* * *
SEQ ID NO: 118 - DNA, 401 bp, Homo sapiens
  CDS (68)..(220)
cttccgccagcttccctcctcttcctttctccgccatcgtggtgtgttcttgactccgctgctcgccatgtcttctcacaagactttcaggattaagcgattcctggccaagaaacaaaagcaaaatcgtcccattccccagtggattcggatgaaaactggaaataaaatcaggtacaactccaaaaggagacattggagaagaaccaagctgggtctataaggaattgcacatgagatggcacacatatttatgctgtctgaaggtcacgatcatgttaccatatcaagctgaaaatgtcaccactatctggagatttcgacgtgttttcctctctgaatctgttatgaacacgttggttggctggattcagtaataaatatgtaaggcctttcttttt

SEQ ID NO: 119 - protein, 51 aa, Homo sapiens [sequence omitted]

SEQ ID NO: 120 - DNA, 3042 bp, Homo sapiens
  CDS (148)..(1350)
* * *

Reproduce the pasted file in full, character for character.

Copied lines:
SEQ ID NO: 118 - DNA, 401 bp, Homo sapiens
  CDS (68)..(220)
cttccgccagcttccctcctcttcctttctccgccatcgtggtgtgttcttgactccgctgctcgccatgtcttctcacaagactttcaggattaagcgattcctggccaagaaacaaaagcaaaatcgtcccattccccagtggattcggatgaaaactggaaataaaatcaggtacaactccaaaaggagacattggagaagaaccaagctgggtctataaggaattgcacatgagatggcacacatatttatgctgtctgaaggtcacgatcatgttaccatatcaagctgaaaatgtcaccactatctggagatttcgacgtgttttcctctctgaatctgttatgaacacgttggttggctggattcagtaataaatatgtaaggcctttcttttt

SEQ ID NO: 119 - protein, 51 aa, Homo sapiens [sequence omitted]

SEQ ID NO: 120 - DNA, 3042 bp, Homo sapiens
  CDS (148)..(1350)